The Mentoring Room - Ask the Working Pros

Mentoring Room

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This is a Public Topic geared towards first-time filmmakers. Professional members of The D-Word will come by and answer your questions about documentary filmmaking.

nick toscano

new to this and figured someone here could answer questions. I'm filming a female boxer whos trying to make it to the next olympics. The backround music at the gym brought up some copy right issues and wasnt sure if i need to try and edit the backround music. This is my first film so not sure how the legalities work.

Robert Goodman

if you don't edit a visual sequence to the background music, and it is in the background, it should fall into the fair use category. Read up on the rules for claiming fair use.

Andy Schocken

and it depends where you plan to exhibit it. for background music, i wouldn't worry about online or festival usage- it's only likely to be an issue for broadcast or theatrical. not that the other uses are necessarily legal, but it's very unlikely that anyone will do anything about it.

Shelly Helgeson

Hi Everyone! This started on the introduce yourself forum, but was told it would do to move it over here. Any help would be greatly, GREATLY appreciated. Thx – S

Now for a question: The doc I'm currently working needs a male actor to mimic the voice of one of our subjects for use as scratch narration. We'd like to get some one who can come very close to the person's real voice as we may use a cut with this narration to send into festival applications, etc. Does anyone know the best way to go about finding and hiring voice talent or actors? Our budget is small, so I'm sure we couldn't pay too competitively but, would try to offer a decent wage. I've posted on Backstage but was hoping for more suggestions. Does anyone know anything about contacting talent agencies or casting directors? Any advice would greatly help as I am totally inexperienced in dealing with actors. Thanks!

Michelle Ferrari

It's been a long time since I worked with an actor I didn't already know, so I apologize in advance if this method proves outdated. That said, it used to be that talent agencies had CD compilations of their voice-over talent, which can help a lot in narrowing down the field. (SAG can provide a list of agencies. The commercial or voice-over division of a given agency is the one you'll want to contact.) Depending on the talent, their level of interest in the project, and your ability to negotiate with their representation, you can sometimes get voice-over talent for well below scale. The trick is to get around the agent. You might try writing a letter (sent to the agent, but addressed to the actor) that really talks up your project and states in no uncertain terms how vital the actor's participation is to its success, but does not mention pay. Try to get him/her interested first. In my experience, if an actor wants to do something, he does it, regardless of whether or not his agent thinks it's a good idea. Say in the letter (in a p.s., so it's the last thing he reads) that you'll be following up with his agent, and then do that. With any luck, the actor will have told his agent he wants in on the project and the money will be less of an issue.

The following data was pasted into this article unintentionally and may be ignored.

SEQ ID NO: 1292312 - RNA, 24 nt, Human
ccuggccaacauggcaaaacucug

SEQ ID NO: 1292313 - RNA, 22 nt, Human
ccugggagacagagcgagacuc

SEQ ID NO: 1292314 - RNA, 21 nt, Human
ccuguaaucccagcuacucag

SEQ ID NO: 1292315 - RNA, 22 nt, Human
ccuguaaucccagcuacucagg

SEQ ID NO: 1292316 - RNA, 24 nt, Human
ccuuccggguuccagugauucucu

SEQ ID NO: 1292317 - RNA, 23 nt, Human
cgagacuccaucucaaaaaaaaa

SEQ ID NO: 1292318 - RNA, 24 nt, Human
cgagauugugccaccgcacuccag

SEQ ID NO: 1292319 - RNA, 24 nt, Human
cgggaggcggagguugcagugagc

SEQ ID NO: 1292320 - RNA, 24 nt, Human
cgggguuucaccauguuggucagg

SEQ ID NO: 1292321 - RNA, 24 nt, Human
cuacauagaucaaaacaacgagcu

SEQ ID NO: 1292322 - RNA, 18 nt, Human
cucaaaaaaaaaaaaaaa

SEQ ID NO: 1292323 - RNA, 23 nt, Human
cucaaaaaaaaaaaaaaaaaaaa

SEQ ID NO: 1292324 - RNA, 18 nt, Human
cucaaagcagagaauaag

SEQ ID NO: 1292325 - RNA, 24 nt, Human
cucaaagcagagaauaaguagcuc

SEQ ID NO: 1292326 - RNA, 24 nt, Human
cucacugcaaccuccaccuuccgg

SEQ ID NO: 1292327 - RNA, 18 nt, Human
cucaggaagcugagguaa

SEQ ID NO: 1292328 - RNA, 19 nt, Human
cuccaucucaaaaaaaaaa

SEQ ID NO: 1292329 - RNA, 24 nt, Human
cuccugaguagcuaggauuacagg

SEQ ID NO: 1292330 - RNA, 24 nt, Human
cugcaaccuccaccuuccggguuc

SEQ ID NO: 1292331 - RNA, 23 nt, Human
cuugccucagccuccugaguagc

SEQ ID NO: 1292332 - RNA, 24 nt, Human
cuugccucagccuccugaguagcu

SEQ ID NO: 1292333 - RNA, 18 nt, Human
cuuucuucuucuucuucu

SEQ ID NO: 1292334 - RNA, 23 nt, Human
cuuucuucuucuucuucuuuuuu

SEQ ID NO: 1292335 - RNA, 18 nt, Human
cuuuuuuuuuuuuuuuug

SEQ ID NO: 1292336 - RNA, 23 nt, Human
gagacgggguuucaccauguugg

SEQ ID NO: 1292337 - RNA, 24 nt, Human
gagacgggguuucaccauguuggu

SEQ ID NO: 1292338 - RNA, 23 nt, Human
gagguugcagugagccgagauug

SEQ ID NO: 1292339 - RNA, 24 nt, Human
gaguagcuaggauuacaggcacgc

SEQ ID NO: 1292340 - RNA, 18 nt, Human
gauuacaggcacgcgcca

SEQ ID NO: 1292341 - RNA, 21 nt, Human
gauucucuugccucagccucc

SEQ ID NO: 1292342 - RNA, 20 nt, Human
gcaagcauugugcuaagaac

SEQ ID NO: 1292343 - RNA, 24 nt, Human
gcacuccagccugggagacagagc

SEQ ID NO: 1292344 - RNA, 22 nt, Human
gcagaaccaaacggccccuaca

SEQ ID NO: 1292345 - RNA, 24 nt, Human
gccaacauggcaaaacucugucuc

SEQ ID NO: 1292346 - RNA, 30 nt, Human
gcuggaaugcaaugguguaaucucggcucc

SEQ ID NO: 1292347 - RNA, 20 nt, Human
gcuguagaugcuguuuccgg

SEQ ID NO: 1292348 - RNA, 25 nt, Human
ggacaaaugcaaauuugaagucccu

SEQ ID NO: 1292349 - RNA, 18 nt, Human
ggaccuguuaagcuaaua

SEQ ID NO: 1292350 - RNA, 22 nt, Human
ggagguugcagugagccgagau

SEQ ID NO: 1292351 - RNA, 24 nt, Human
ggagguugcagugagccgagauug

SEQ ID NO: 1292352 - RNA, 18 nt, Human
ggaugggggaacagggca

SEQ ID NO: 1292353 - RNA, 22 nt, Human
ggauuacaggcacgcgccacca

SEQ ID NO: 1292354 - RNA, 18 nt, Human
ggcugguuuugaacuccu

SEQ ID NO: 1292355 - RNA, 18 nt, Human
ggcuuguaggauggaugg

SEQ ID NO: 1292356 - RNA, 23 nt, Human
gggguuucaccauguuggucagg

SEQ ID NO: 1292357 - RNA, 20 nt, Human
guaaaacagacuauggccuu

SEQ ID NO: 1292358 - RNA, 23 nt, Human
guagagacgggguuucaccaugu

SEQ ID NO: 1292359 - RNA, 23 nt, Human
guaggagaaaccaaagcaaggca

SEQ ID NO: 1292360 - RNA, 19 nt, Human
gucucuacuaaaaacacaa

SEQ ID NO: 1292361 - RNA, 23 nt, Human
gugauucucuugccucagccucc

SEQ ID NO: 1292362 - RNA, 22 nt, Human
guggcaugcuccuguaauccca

All that said, if you're only planning to use the actor for scratch, you may be facing an uphill battle – when an actor forgoes money, it's usually in exchange for exposure. If you're not offering exposure, you'll definitely want to focus your energies on smaller agencies and lesser-known talent.

J. Christian Jensen


I'm in the process of selecting post-graduate documentary film schools. Is there anyone who has graduated from Stanford's MFA program that could make yourself known? Or is anyone in contact with other filmmakers who are significantly familiar with the program. I'd love to ask some questions.

Is this the best place to post such a question?

Julian Samboma

Thanks for the warm welcome, Doug. Nothing less than I expected!;)

Right. My first question. My next project is a 30-45 minute doc on an aspect of the UK economy. This is going to be my first major production, not like the previous two, which were essentially "teeth-cutting" exercises.

They were self-financed and I did everything myself. This time around, I am exploring the possibility of seeking funding from various sources – if for nothing else but for employing a top editor.

My question is how much do i factor into the budget for said editor,and how to find one?
Also, my camera is the pana gs400, an sd camera. Is it a good idea to include the cost of a decent hd cam in the budget?

I hope this is the best place to post this question. Thanks.